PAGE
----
Detroit Free Press: Marick Masters on future of Detroit Three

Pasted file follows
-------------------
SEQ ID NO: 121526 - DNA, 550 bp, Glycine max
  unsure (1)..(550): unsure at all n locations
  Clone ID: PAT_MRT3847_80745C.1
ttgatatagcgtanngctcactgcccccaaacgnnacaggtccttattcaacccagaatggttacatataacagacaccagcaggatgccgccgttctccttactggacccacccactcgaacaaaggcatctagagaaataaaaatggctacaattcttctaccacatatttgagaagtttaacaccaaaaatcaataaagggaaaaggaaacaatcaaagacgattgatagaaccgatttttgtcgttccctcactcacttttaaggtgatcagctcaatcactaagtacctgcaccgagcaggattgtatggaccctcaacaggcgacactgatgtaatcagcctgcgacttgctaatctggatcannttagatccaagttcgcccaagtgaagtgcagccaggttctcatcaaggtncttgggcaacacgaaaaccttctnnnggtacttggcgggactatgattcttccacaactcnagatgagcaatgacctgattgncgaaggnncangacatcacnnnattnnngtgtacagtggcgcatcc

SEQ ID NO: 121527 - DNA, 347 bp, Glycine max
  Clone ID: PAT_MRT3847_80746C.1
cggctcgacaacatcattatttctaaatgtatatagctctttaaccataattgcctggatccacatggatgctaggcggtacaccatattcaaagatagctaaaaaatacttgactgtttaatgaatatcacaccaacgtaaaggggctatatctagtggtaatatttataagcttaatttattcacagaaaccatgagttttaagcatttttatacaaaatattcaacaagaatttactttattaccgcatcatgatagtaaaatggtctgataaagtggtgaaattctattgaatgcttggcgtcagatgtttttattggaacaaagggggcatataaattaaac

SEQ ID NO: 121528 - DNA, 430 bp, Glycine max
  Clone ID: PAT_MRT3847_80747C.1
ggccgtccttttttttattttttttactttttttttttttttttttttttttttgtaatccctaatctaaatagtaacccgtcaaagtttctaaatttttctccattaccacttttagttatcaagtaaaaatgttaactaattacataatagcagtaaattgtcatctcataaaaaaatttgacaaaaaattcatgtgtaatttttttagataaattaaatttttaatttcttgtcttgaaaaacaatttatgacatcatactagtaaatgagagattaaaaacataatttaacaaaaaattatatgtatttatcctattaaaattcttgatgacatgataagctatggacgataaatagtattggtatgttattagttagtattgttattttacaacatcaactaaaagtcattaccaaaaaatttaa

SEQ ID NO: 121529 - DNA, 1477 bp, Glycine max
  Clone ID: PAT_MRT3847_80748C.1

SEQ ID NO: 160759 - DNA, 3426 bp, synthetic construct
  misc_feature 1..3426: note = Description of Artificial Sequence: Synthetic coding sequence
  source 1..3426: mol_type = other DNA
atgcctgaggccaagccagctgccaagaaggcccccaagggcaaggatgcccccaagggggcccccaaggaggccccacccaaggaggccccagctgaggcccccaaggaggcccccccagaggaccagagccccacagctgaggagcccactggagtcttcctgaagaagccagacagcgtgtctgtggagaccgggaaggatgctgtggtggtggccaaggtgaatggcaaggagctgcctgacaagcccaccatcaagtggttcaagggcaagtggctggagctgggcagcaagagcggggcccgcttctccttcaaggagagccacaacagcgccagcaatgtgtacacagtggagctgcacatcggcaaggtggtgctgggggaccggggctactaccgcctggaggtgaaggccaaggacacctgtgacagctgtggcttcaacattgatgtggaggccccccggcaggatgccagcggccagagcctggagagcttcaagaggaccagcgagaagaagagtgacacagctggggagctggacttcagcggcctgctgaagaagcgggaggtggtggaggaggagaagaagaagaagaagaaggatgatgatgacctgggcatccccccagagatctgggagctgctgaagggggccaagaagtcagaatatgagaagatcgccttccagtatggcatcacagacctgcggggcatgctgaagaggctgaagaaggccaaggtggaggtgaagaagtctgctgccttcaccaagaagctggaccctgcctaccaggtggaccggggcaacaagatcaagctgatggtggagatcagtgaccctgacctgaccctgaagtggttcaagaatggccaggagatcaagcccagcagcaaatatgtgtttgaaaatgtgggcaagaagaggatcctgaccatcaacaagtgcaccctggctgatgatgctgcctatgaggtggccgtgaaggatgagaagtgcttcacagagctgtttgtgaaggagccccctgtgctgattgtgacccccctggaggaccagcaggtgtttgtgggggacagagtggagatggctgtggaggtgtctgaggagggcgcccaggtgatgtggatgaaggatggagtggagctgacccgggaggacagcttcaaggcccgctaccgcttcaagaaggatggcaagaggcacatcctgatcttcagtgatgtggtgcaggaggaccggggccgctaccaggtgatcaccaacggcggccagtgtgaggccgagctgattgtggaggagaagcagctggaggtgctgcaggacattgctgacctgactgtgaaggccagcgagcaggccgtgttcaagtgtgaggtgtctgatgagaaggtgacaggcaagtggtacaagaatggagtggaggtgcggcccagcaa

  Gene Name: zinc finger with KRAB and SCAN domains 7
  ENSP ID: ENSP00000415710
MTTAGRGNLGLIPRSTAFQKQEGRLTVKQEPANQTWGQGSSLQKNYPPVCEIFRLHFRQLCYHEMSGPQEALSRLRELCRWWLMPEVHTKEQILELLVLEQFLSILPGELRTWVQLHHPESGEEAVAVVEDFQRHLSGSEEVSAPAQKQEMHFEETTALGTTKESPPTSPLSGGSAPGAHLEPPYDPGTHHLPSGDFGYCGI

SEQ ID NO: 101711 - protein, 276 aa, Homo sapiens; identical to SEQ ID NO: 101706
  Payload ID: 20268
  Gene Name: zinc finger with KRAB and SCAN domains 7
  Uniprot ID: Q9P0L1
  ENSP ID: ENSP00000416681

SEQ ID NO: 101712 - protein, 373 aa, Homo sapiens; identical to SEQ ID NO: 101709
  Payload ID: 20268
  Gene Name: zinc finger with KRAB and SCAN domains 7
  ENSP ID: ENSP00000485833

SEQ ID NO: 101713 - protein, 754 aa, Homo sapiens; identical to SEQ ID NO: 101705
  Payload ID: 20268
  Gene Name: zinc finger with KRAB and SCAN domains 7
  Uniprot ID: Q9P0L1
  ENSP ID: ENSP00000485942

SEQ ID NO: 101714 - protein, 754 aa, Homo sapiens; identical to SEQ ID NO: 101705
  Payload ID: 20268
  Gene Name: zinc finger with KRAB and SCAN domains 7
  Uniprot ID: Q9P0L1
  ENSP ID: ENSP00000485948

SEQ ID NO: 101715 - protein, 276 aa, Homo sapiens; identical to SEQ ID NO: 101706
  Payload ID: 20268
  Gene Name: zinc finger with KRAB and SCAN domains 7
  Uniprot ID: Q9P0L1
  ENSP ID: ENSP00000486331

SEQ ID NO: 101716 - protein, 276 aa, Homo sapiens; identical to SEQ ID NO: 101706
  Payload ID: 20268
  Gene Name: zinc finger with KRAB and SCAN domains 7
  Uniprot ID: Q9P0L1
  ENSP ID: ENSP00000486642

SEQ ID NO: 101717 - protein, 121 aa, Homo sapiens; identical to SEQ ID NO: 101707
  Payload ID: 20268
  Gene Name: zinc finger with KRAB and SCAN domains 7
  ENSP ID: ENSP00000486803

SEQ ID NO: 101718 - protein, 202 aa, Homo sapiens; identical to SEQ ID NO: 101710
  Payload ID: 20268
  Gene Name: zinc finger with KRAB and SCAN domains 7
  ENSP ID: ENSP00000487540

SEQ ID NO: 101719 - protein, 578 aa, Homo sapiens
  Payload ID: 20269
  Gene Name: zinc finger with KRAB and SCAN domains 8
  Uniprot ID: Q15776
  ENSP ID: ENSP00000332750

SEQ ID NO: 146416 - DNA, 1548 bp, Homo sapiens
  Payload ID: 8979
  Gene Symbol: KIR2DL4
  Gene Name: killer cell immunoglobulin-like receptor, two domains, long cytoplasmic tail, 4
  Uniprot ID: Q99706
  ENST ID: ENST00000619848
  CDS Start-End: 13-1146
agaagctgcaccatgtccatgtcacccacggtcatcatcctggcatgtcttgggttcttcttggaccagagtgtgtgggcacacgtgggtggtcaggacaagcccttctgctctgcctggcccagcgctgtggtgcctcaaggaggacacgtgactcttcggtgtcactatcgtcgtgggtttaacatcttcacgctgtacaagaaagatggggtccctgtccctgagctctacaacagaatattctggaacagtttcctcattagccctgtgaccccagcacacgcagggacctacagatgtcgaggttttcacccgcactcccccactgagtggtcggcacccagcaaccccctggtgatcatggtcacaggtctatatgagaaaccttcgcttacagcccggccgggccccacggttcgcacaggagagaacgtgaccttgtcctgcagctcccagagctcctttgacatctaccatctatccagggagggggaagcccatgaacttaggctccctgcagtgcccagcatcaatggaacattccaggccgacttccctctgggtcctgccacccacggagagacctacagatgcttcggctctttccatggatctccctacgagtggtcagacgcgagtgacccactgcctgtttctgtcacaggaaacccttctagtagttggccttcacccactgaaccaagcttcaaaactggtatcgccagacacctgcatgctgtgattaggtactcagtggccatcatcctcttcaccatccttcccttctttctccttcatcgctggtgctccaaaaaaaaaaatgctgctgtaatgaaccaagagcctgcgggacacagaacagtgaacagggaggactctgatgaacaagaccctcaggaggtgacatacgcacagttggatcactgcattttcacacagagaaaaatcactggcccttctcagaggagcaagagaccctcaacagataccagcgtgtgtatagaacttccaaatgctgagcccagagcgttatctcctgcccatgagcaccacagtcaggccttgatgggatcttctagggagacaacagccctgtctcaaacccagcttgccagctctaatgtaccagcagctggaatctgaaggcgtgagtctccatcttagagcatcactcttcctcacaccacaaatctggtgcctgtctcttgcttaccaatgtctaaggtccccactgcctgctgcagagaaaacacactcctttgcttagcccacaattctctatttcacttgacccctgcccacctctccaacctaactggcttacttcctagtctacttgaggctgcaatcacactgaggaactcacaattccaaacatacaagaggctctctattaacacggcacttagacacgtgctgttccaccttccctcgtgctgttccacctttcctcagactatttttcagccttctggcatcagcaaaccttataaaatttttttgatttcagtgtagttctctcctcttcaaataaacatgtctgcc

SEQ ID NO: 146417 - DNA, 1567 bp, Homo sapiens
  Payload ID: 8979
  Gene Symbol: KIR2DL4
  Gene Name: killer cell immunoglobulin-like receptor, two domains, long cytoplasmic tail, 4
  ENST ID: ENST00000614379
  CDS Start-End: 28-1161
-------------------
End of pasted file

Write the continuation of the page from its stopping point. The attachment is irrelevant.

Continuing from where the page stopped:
Nearly 12 weeks after the previous contracts expired between the UAW and the Detroit Three, including a 40-day nationwide strike against General Motors, work on a new deal is near the end. But experts say it's just the beginning because the automakers face a difficult future that the new four-year union contracts fail to safeguard against. The UAW has said the new contract offers its members job security because the automakers promised to invest billions in U.S. manufacturing. But some industry experts say the contracts fall short of giving the automakers enough flexibility to retool factories or reduce labor to compete in a quickly changing world that's headed toward electrification. And, with health care costs remaining the same, wage increases and a cap on temporary workers, pundits question the economic benefits for the automakers. "All three face an unclear future as to what their companies will be five to 10 years from now," said Marick Masters, a business professor at Wayne State University. "Is there enough consolidation in the industry? Do the companies have the financial ability to get a jump ahead on electric vehicles and autonomous driving? I’d look at them to consider more mergers and consolidations on a global scale over the next five to 10 years."

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